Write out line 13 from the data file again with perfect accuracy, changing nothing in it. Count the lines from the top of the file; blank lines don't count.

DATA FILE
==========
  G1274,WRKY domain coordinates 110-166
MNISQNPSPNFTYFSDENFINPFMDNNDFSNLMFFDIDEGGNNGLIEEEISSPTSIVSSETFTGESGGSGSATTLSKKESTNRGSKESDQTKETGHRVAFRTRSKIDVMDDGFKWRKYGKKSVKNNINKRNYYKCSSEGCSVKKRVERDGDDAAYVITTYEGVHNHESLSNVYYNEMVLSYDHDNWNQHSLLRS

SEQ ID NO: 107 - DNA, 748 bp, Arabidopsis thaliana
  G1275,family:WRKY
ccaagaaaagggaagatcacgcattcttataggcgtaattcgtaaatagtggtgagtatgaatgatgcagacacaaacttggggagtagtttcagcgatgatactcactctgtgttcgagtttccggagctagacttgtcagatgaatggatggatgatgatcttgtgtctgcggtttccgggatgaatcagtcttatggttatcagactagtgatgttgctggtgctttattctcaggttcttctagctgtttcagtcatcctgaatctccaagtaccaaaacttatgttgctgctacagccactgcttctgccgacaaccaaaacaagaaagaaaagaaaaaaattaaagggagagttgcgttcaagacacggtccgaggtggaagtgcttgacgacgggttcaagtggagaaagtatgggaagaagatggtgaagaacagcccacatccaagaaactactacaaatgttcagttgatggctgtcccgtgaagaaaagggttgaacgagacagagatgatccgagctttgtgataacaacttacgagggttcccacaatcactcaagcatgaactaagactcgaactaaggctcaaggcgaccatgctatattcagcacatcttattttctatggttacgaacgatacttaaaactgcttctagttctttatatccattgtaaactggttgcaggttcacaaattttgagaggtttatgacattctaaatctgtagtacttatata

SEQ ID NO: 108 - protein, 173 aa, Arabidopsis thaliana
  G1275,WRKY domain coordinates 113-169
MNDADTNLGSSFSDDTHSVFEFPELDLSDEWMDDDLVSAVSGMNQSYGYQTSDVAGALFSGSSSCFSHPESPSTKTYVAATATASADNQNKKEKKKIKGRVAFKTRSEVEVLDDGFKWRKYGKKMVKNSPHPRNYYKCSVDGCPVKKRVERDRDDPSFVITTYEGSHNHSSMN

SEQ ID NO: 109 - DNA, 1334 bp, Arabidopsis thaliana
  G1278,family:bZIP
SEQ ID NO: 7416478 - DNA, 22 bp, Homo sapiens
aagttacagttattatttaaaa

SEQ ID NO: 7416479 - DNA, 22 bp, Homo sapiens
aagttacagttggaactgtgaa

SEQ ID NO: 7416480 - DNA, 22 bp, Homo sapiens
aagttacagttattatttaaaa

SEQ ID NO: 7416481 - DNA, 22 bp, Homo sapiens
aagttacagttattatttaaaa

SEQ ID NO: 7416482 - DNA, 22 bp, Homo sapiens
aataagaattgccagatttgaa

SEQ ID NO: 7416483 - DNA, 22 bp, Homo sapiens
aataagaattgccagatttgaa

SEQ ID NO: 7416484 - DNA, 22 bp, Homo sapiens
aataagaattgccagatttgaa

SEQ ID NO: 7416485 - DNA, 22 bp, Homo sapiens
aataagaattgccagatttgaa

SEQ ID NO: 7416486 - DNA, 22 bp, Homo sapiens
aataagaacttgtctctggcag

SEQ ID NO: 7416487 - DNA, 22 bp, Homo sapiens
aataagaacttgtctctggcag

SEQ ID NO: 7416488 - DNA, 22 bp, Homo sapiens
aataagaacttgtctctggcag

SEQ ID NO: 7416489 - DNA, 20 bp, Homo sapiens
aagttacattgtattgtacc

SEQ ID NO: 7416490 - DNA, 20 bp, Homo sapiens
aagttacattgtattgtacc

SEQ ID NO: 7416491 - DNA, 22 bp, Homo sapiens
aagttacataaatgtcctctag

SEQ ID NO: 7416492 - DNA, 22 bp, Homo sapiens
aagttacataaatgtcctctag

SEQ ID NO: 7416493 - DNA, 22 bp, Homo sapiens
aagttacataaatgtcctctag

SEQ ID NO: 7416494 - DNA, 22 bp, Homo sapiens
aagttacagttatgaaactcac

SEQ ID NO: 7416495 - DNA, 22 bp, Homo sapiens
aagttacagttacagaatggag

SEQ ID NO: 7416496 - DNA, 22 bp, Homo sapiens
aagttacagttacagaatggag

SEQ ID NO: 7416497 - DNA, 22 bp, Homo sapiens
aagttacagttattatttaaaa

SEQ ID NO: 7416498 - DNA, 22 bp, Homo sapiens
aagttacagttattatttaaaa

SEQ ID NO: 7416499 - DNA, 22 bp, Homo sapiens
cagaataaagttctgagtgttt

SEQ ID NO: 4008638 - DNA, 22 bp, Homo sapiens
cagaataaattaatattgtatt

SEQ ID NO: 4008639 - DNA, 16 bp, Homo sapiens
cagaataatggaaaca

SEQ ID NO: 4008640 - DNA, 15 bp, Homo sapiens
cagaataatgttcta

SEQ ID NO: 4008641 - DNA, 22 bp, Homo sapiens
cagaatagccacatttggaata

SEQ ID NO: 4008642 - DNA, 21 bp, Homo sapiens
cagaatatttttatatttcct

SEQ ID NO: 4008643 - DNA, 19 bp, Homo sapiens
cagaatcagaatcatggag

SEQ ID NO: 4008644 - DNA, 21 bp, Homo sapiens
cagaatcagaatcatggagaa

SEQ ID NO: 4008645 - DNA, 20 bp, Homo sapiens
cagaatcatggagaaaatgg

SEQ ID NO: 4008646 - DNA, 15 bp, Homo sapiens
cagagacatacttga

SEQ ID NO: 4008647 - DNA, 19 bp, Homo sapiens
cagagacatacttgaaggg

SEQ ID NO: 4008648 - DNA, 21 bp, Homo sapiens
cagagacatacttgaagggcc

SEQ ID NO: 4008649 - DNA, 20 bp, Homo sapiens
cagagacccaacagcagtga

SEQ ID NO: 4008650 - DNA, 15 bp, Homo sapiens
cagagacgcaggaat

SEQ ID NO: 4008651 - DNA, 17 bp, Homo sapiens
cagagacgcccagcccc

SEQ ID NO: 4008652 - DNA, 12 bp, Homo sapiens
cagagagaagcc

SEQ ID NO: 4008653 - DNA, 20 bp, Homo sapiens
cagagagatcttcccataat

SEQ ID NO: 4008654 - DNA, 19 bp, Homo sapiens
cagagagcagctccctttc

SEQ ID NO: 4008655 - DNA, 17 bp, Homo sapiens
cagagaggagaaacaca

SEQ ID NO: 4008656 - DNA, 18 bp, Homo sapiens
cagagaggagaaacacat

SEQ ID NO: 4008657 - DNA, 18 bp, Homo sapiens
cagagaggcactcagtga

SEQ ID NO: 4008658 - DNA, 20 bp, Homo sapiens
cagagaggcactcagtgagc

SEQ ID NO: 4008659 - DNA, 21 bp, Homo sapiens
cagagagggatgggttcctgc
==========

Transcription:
SEQ ID NO: 7416479 - DNA, 22 bp, Homo sapiens